A post by Xujun Eberlein discussing the work of Jiang Qing, a contemporary Chinese thinker advocating a conservative institutional Confucianism that challenges Western liberal democracy.

Manyul Im’s Chinese Philosophy blog: “Confucius: Democracy’s Advocate.” [Online]. Retrieved from: http://manyulim.wordpress.com/2008/02/17/confucius-democracy-advocate/

A string of discussions with several contributors sceptical about democratic interpretations of Confucianism, and some arguing for non insidious authoritarian regimes with Confucian virtues.

“Democracy, Human Rights, and Confucian Values: Reconstructing Confucian Political Thought for China’s Development.” [Online]. Retrieved from: http://www.cornell.edu/video/?videoID=1957

Video Recording of a lecture given by Joseph Chan, Professor of Politics at the University of Hong Kong, in the Cornell Program on Ethics and Public Life (Mar 2012).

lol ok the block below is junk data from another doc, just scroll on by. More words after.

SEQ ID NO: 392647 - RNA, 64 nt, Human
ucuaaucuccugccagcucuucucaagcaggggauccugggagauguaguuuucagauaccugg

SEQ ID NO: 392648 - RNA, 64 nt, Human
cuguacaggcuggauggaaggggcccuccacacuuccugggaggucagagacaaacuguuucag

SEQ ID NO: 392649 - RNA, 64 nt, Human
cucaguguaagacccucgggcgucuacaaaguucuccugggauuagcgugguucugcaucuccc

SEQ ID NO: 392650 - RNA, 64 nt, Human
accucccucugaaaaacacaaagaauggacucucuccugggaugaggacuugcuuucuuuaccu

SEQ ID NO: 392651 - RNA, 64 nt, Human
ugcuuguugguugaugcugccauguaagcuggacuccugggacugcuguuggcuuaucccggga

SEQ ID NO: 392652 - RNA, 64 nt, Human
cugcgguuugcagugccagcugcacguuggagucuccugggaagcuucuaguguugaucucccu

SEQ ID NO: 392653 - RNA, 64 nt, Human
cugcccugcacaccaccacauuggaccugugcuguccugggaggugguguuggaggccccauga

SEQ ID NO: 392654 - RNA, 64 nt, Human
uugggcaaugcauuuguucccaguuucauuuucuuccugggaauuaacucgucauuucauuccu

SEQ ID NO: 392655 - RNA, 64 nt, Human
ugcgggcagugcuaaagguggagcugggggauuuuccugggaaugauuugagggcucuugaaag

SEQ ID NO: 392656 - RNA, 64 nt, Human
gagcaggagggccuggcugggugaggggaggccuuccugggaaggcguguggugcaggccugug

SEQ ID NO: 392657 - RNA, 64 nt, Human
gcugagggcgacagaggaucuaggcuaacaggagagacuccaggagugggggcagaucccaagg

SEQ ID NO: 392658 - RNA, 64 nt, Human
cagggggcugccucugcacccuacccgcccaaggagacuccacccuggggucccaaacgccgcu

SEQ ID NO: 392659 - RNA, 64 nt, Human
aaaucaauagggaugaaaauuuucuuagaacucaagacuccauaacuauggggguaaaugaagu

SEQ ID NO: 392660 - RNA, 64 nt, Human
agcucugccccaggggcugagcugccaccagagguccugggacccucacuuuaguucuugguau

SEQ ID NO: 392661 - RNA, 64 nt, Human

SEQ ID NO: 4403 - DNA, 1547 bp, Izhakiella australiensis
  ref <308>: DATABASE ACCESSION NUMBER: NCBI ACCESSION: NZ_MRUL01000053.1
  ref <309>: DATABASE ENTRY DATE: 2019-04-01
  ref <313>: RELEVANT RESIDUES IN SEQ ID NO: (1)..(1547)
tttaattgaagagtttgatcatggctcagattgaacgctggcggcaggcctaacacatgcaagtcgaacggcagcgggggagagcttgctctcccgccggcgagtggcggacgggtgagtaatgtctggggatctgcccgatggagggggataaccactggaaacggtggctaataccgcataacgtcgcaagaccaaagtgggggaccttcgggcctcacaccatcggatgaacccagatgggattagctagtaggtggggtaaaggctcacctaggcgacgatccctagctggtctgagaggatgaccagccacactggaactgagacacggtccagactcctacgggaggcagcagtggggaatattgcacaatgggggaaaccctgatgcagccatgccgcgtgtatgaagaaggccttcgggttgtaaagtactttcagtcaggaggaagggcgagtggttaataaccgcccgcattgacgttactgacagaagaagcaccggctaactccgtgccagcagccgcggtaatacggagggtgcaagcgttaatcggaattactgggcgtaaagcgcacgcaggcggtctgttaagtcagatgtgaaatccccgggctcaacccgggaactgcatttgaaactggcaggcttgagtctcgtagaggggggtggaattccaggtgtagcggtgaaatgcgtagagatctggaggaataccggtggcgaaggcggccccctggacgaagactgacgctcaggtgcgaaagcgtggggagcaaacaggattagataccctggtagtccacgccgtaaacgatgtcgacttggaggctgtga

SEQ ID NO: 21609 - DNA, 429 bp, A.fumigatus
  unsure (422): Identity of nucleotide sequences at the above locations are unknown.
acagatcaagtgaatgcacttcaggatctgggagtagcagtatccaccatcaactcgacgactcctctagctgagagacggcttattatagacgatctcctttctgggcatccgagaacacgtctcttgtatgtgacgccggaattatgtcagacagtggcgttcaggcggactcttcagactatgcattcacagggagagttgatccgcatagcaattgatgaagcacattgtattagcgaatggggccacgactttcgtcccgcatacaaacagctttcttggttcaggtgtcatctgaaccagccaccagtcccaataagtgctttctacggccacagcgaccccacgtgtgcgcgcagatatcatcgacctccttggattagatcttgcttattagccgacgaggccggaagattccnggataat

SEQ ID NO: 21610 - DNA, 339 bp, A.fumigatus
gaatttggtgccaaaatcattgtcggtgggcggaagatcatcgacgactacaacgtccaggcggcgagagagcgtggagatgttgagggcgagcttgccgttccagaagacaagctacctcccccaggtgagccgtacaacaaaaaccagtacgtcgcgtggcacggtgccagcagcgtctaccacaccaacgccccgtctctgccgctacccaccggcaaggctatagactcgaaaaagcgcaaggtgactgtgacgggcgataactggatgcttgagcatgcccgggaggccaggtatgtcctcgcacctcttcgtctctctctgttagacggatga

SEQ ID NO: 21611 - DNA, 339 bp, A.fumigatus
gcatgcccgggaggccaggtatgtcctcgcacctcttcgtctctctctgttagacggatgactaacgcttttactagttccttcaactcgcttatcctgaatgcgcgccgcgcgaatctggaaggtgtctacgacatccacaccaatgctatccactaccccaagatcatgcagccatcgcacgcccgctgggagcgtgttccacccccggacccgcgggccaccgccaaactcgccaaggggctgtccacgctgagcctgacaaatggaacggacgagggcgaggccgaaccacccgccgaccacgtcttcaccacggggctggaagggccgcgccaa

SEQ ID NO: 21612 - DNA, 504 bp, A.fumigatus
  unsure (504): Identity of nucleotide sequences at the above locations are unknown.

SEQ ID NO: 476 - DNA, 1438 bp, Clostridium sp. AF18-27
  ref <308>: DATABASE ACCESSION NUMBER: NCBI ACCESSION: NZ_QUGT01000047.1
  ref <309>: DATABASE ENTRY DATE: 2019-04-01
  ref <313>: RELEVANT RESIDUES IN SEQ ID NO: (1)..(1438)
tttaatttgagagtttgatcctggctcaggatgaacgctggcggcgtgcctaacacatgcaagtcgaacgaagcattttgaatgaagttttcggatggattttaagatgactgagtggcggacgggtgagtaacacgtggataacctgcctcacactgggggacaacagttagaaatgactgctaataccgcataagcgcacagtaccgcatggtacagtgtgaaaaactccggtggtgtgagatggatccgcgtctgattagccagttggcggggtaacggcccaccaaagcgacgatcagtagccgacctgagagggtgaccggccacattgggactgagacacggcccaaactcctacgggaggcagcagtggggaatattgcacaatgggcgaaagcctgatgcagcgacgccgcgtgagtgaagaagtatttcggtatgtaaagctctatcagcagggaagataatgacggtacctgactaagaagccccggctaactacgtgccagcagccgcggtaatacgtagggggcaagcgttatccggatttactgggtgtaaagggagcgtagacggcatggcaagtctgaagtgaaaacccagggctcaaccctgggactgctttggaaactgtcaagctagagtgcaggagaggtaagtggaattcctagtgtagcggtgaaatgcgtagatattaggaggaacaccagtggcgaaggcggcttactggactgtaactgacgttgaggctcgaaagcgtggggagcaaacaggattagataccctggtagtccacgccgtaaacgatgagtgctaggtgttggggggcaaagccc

Sample Syllabus

Week I: Introduction, context and key options

Elstein. “Early Confucianism.”

He, Baogang. ‘Four Models of the Relationship between Confucianism and Democracy.’Journal of Chinese Philosophy 37 (2010): 18–33.

Tan. Confucian Democracy. Chapter 1.

Tan. ‘Democracy in Confucianism.’Philosophy Compass 7.5 (May 2012): 293–303. doi: 10.1111/j.1747-9991.2012.00481.x

Week II: Liberal Interpretations and Confucian humanism.

Chen, Albert H.Y. ‘Is Confucianism compatible with Liberal Constitutional Democracy?’Journal of Chinese Philosophy 34: 195–216.

De Bary. Liberal Tradition.

Tu Wei-ming. Way, Learning, and Politics. Albany: State University of New York Press, 1993. Chapters 1 and 8.

Week III: Confucianism and Rights.

Angle. Human Rights and Chinese Thought. Chapter 1.

Chan. “Moral Autonomy and Civil Rights.”

de Bary and Tu. Confucianism and Human Rights. Chapters 1–7.